(This is a developing story and will be updated)
Update: 3/13/20 5:15 pm
Teachers are able to report to work on Monday, but are advised not to bring children.
There will be no classes for USD 383 Manhattan/Ogden students for at least the next two weeks.
The district on Friday announced a mandatory closure of all district schools until March 30. The 14-day mandate came from the Riley County Health Department. It applies to all athletic and school related activities in addition to classes.
Health Department Director Julie Gibbs and Emergency Preparedness Coordinator Andrew Adams were present to inform the board on the decision. Adams read from the guidelines to prevent pandemic situations. These were created after the H1N1, or swine flu, pandemic. The guidelines state closing schools preemptively will be more effective than a reactive closure.
“Reactive likely means there has already been that transmission going throughout the buildings,” says Adams.
The board asked Gibbs her recommendation, to which she said they should shut down the schools. Assistant Superintendent Eric Reid asked Gibbs if this recommendation was voluntary for the district or if this was an order from the department. The reasoning behind this is due to the recent decision made by the Kansas Commissioner of Education. If they are ordered to shut down, then they can be eligible for a waiver to not make up missed days. Gibbs responded saying this was an order to shut down the schools.
The board had hoped spring break would have counted for one of the two weeks. However, Gibbs decided on the additional two weeks saying there is just to much unknown about the previous week.
Gibbs says Manhattan is unique because of the Fort Riley and Kansas State University. This causes more travel between the two agencies running up the risk more.
Since the schools are in a forced shut down, the free meals program will still be able to operate. The cafeterias will not be open, but they will have sack lunches that include breakfast for the next day available. More information on times and days have not yet been released.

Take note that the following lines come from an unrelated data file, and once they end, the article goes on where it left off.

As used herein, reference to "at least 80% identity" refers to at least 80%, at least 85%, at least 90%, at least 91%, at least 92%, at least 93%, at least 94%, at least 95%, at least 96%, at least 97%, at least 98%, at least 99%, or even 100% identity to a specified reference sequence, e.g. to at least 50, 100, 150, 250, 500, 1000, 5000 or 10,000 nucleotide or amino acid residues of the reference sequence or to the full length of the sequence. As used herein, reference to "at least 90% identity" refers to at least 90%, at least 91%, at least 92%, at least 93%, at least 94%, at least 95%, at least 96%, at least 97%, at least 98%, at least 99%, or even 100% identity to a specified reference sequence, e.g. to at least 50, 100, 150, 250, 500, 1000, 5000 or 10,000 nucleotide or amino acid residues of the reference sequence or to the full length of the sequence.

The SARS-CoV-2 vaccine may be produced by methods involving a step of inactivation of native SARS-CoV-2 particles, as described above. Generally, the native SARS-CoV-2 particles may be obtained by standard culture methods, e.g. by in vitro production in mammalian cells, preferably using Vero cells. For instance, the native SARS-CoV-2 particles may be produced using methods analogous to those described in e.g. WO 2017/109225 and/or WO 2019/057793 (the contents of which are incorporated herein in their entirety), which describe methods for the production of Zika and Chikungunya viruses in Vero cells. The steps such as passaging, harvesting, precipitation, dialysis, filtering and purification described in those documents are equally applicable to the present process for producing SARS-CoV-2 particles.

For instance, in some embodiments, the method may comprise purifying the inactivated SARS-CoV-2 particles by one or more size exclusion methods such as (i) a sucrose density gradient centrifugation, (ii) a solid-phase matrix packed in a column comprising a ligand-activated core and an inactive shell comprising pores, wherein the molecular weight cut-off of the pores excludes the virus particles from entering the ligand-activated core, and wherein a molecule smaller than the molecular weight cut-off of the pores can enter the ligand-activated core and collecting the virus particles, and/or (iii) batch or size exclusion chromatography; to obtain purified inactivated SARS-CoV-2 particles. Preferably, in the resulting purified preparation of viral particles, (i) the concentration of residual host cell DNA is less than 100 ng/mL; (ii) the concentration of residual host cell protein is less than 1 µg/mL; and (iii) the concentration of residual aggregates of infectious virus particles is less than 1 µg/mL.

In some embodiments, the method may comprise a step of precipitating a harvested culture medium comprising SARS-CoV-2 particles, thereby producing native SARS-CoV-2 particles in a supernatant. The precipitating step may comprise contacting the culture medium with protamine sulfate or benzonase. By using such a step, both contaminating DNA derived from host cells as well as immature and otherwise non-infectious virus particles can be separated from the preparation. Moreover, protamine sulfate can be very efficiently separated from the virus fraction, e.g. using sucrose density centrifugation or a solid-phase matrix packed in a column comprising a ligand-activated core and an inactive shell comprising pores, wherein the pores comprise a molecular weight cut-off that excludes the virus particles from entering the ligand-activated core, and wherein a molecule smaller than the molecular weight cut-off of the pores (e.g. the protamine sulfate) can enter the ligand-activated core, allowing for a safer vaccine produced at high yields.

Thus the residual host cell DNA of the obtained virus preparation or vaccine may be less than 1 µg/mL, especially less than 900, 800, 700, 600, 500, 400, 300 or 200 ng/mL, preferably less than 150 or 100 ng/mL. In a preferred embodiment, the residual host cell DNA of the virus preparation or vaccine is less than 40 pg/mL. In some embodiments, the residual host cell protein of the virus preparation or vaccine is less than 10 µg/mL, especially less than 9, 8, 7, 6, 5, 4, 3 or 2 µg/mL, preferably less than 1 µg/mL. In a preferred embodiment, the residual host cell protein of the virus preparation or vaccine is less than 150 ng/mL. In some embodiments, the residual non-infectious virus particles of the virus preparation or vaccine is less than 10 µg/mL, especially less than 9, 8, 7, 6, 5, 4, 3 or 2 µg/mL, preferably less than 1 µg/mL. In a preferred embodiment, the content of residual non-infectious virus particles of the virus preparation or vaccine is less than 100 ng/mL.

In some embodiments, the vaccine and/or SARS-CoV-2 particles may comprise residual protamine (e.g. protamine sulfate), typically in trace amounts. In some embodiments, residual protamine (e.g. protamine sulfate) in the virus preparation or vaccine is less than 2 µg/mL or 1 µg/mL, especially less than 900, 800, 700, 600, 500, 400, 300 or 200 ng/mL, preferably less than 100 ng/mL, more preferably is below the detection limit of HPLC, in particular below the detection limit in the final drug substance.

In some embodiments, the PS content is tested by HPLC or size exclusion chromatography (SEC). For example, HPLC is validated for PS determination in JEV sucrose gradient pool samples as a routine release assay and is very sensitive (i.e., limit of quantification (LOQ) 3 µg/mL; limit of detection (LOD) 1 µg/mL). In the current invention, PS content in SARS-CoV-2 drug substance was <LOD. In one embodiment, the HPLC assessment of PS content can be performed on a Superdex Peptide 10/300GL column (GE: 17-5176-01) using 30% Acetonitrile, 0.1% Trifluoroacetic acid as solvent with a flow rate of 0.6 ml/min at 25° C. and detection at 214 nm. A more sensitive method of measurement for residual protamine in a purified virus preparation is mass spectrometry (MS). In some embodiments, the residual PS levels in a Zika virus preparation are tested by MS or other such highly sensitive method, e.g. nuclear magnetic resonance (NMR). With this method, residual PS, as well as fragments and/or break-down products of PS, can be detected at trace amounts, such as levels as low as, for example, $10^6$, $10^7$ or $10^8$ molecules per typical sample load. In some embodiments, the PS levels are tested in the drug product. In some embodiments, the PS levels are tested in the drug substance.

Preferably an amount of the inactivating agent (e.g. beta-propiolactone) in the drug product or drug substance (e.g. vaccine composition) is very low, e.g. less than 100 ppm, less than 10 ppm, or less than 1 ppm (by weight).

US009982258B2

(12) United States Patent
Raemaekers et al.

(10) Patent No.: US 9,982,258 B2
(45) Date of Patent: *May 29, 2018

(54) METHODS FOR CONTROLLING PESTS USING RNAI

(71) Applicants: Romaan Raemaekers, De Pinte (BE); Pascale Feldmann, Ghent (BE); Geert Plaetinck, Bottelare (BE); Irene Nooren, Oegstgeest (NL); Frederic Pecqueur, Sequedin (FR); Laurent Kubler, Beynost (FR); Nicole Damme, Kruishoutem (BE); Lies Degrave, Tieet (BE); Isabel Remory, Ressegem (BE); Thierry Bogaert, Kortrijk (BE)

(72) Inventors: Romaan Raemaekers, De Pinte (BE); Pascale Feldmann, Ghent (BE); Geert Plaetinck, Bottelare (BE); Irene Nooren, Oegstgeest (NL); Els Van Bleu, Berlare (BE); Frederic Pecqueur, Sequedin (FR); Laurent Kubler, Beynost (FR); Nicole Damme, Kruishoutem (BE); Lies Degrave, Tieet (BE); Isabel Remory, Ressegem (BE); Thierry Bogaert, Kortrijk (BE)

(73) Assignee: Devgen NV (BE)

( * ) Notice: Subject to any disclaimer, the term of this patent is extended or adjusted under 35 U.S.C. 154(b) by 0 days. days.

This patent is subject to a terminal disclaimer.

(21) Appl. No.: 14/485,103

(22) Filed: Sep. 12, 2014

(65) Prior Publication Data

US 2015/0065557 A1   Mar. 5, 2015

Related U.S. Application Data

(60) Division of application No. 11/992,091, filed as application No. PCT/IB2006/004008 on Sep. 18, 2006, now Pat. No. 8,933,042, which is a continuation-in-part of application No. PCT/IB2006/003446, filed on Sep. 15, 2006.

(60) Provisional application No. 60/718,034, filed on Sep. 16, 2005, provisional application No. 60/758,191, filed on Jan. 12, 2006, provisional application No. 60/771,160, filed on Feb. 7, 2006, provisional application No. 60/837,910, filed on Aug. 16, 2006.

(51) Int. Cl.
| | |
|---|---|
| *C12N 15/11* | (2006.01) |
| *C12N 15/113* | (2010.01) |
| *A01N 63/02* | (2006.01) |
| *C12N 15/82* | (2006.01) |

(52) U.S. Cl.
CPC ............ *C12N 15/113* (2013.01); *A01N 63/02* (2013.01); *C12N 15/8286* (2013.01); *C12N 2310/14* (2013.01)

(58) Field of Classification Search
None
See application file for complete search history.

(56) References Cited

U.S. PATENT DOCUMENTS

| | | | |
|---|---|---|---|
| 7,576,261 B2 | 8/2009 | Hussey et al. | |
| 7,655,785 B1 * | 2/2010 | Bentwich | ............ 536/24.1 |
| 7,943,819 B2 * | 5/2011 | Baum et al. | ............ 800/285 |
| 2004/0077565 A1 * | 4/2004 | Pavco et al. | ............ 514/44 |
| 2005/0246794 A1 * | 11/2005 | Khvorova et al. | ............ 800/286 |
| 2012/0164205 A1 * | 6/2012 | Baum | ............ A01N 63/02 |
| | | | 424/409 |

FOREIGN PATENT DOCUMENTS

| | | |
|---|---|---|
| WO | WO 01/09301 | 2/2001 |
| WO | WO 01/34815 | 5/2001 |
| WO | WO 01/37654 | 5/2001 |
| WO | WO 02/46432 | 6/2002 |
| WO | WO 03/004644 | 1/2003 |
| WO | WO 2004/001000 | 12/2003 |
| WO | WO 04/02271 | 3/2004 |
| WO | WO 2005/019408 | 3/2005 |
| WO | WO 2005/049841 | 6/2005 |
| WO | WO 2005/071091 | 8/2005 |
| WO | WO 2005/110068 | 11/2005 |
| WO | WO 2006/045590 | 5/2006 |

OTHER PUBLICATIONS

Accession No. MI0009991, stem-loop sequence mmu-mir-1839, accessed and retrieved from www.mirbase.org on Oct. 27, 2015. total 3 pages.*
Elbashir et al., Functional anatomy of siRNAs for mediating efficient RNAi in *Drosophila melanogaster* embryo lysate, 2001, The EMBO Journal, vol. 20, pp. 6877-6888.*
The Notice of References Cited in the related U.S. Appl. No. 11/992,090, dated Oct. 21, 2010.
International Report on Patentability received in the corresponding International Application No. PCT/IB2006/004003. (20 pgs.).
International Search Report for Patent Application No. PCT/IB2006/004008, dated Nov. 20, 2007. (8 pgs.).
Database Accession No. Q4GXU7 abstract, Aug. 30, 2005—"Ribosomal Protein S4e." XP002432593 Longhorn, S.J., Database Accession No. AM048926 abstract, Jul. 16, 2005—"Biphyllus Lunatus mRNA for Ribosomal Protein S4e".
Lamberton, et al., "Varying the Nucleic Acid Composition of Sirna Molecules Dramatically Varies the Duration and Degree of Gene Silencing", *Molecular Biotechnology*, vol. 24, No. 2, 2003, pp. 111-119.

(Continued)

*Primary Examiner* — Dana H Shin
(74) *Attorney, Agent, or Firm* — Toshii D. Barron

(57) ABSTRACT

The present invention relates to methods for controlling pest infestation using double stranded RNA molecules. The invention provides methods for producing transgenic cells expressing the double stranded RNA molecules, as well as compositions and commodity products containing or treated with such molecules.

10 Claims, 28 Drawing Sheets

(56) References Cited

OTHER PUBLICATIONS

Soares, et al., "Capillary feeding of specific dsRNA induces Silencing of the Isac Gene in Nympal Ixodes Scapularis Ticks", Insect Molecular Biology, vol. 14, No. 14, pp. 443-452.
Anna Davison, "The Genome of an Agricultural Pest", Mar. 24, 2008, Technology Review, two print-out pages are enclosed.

Other issues brought up include paying employees, online classes, special education, and state testing. More on these topics will be brought up during Wednesday’s school board meeting.
Board Member Katrina Lewison says since there is no precedent for this type of case yet, they need to be the leaders for future board members.
Board President Karla Hagemeister thanked everyone in the district and staff while they make it through this time.
“Going forward I want it to be known this is done for public safety, for the safety of our students, and the safety of are families and that includes our staff,” says Hagemeister.
Superintendent Marvin Wade wants the public to not treat this like a vacation and take it seriously. If people are going out and not following safe guidelines, then that defeats the purpose of the closure.
“This is a situation that is new to our community. People are going to be making decisions for the best interest of the community and we understand that,” Hagemeister says, “We need to have grace for each other, be kind to each other, look out for each other, and know that nobody is perfect nor any decision is perfect.”
Wade says they will remain in continuous regular contact with the health department over the next two weeks.
The district has not said yet what it plans to do in terms of paying employees who will be impacted. District officials are reportedly working on a plan to help mitigate the financial impact to classified staff.
Earlier Friday, USD 475 Geary County Schools announced it will be closed March 16-20, with classes resuming March 23.